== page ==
I deal with java exceptions in old code all the time, and I love adding logging or simply removing empty catch blocks.  However in this case, the purpose of the catch is to allow you to proceed to the next iteration of the loop.  The common scenario is tried first ("get*"), and if that fails you'll swallow the exception and move to "is*".  I would still like to see a "log.warn" statement inside the catch block, on the principle that no catch block should be completely silent, but don't put a stack trace in the log over this.  

     

    However, I don't like returning null.  I think you should actually do this:  

    String[ ] PREFIX = {"get", "is"}
    for (String s : PREFIX) {
    try {
    return type.getMethod(s + methodName);
    } catch (NoSuchMethodException e) {
    log.warn("didn't find " + s + methodName);
    }
    }
    throw new NoSuchMethodException("No get* or is* for " + methodName);

    this prevents Null Pointer Exceptions from cropping up in unrelated parts of the code. 

    In general, never return null, always return a good value or throw an exception.  



  • I am not a Java expert, but this means it is then easier to deal with in .Net as all exceptions derrive from System.Exception and there isn't the concept of "errors" like this, or am I missing something.



  • @The Bytemaster said:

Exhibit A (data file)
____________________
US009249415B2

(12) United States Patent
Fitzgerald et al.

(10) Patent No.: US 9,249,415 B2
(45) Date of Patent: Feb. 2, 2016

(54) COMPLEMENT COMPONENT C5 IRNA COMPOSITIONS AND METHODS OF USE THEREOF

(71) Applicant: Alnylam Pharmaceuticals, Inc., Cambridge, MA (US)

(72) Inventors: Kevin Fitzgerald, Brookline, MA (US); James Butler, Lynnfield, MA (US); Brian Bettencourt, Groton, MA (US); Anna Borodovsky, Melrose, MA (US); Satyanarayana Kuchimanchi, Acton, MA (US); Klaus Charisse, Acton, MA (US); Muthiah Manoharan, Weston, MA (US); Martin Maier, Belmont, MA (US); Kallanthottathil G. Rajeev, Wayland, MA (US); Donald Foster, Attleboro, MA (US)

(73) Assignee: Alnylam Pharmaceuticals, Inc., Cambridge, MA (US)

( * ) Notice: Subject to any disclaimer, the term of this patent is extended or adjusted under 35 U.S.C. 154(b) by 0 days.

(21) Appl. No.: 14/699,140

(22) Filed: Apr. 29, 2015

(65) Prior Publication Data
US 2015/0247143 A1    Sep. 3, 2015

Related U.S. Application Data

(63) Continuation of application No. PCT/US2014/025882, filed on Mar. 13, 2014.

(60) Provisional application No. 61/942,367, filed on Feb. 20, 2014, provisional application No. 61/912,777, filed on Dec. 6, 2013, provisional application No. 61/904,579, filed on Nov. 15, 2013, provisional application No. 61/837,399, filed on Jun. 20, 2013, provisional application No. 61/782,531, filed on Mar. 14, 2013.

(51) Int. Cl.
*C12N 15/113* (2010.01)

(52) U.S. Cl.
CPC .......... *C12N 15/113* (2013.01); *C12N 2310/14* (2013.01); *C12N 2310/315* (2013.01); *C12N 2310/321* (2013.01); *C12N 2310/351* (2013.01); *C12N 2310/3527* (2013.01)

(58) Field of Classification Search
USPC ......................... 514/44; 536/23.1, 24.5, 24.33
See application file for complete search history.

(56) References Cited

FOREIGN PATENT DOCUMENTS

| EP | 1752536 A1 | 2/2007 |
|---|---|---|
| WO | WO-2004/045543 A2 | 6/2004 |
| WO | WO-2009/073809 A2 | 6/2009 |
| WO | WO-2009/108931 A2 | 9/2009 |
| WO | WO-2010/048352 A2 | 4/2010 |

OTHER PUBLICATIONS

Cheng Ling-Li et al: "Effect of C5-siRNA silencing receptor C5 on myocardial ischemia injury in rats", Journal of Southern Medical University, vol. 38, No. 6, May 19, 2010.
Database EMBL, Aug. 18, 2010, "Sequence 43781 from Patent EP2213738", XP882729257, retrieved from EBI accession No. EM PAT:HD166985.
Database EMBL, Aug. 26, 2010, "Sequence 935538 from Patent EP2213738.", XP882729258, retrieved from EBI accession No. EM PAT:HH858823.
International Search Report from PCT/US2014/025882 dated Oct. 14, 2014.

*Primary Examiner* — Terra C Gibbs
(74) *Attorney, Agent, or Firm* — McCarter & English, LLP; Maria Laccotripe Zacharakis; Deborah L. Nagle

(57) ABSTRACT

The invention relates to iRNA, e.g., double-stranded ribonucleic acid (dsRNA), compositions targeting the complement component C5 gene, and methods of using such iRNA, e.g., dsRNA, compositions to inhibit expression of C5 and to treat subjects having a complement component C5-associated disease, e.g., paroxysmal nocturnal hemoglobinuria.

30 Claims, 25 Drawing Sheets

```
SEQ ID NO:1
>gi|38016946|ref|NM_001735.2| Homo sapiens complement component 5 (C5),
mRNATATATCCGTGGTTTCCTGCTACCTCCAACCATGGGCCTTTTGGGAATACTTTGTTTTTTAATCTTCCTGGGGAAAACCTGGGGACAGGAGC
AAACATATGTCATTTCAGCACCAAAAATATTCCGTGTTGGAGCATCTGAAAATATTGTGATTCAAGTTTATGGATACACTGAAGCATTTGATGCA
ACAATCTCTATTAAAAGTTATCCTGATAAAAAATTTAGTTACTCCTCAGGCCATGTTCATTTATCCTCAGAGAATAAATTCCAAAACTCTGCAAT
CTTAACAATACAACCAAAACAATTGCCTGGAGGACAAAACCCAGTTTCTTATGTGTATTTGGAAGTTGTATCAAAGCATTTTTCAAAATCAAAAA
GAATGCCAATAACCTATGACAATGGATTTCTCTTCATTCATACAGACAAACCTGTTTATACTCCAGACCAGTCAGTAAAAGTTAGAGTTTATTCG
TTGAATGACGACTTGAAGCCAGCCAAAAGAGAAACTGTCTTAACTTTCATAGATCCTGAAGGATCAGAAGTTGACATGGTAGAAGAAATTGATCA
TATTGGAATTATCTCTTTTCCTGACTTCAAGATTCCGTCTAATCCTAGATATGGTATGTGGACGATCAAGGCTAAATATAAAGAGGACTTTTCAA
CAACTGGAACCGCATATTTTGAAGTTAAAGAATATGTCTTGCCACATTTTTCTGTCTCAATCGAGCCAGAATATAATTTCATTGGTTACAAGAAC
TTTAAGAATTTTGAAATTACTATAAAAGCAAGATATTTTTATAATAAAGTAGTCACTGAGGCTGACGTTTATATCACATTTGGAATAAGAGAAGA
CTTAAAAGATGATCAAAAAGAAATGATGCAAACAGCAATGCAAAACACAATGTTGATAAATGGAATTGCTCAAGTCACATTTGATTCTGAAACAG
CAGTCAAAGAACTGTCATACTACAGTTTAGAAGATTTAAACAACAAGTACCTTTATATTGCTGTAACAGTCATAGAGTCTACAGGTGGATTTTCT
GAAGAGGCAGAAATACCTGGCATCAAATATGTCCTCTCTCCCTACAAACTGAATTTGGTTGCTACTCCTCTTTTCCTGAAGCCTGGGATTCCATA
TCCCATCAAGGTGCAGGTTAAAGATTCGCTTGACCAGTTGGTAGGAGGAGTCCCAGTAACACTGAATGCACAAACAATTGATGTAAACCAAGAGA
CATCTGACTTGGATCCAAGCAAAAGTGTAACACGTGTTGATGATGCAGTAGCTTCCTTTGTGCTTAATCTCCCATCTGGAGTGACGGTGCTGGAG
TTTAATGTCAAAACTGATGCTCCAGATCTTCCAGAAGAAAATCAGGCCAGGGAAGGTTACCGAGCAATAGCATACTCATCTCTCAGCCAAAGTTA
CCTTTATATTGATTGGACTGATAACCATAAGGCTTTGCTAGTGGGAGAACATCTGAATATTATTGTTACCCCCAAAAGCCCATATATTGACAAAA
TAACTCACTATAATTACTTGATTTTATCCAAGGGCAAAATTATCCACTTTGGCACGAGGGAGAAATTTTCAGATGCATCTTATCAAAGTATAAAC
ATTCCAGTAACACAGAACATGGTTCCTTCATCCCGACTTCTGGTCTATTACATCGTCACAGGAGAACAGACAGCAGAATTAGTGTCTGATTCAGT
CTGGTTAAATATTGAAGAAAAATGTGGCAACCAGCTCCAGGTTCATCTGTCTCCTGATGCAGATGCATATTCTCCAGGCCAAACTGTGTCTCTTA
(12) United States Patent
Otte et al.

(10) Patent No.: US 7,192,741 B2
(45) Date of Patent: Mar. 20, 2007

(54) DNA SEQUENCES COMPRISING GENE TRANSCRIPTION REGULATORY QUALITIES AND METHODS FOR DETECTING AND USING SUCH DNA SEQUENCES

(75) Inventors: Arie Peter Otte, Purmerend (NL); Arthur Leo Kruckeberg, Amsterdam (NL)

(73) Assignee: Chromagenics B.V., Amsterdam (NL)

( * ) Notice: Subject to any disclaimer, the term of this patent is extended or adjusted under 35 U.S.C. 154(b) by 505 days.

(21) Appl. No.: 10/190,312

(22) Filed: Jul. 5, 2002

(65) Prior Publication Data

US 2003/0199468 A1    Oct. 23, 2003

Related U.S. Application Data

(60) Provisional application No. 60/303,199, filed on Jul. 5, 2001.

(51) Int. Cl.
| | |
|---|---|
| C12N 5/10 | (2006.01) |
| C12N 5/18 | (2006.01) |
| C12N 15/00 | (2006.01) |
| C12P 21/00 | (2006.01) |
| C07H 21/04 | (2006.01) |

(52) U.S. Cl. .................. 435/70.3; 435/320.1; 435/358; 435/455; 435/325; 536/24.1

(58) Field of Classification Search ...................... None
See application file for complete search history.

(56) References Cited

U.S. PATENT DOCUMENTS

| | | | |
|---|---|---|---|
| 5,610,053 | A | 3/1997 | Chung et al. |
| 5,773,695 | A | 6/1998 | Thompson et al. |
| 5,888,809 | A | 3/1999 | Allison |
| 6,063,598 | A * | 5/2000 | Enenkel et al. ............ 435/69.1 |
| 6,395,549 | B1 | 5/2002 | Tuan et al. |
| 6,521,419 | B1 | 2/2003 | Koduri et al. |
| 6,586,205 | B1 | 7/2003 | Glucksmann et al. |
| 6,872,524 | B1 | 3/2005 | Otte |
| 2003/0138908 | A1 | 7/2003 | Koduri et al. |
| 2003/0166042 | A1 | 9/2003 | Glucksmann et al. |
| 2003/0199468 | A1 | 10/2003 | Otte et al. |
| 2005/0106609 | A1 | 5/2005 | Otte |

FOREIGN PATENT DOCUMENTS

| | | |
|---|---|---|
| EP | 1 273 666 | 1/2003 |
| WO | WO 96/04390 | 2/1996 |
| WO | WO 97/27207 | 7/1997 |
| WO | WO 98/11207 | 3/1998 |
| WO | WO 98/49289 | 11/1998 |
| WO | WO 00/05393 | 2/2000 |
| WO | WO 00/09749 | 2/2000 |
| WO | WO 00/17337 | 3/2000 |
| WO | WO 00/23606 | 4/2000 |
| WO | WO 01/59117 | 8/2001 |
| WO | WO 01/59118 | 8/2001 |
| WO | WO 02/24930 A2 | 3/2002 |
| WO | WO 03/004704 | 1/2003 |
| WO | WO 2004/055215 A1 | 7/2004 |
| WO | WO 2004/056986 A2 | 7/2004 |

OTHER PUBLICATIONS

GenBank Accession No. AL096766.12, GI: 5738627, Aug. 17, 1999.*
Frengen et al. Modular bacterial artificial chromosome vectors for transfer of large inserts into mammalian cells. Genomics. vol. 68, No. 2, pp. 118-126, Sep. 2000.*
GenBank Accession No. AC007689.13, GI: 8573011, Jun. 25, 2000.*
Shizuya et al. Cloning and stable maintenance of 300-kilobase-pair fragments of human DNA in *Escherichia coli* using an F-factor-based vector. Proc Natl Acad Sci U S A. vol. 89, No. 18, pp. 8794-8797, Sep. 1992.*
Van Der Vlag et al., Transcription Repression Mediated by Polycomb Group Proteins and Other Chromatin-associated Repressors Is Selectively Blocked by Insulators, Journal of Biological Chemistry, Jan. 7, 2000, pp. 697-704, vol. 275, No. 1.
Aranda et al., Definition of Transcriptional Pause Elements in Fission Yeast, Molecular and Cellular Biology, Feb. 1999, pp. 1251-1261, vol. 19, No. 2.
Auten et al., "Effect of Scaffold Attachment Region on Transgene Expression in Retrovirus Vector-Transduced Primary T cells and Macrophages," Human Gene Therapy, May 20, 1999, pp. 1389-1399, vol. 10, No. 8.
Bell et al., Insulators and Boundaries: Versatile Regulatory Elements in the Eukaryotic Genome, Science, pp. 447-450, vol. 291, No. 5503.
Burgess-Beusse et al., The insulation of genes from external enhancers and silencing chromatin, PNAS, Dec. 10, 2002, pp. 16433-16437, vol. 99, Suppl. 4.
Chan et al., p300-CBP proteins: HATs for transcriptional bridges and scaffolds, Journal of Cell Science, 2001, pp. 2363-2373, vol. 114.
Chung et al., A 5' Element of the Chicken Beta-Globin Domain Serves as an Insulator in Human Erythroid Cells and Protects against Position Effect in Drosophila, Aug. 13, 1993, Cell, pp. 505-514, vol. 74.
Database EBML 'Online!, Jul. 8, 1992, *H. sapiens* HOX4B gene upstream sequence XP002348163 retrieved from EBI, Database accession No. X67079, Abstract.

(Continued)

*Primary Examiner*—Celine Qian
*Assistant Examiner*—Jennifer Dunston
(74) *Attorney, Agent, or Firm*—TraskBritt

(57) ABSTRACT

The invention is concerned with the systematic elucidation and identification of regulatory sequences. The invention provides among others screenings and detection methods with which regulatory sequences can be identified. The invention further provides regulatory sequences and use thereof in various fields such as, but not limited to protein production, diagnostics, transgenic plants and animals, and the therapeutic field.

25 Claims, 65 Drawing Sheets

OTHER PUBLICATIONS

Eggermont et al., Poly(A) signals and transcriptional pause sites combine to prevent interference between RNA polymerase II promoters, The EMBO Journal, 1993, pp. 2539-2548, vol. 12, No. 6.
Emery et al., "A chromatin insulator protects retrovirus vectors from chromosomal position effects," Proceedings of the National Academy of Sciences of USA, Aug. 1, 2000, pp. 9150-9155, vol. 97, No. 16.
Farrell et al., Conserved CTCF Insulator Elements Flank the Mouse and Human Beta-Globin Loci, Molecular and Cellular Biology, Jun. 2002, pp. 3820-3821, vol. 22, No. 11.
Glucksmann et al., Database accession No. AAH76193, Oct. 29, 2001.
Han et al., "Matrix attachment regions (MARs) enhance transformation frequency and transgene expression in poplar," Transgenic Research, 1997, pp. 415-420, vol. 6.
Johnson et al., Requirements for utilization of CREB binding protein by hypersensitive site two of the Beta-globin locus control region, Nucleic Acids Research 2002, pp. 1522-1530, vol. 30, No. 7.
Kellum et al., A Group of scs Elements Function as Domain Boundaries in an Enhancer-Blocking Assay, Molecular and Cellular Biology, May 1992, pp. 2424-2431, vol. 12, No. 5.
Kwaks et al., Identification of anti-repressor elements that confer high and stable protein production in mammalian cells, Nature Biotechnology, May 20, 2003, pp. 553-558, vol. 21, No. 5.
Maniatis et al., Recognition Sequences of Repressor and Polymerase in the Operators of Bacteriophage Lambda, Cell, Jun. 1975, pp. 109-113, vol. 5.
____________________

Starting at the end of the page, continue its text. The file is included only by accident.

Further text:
I am not a Java expert, but this means it is then easier to deal with in .Net as all exceptions derrive from System.Exception and there isn't the concept of "errors" like this, or am I missing something.

     

    Personally, I like the distinction between Exceptions and Errors. An exception tells you that some code, for some specified reason, failed and sometimes you anticpated this case and are now able to do some workaround. An error, on the other hand, tells you that the VM failed. It is equivalent to a blue screen: the entire program may be corrupted and the only thing left to do is to carefully shut down. That's why you are not supposed to catch Errors (or Throwables), because there is usually nothing reasonable that you can do anyway.

    The problem with Java are the checked exceptions: every Throwable that is not a subclass of Error or RuntimeException has to be declared as part of the method signature when it might be thrown. While there are good reasons and well intentions behind this feature, it is annoying as fuck.

     



  • @DrPepper said: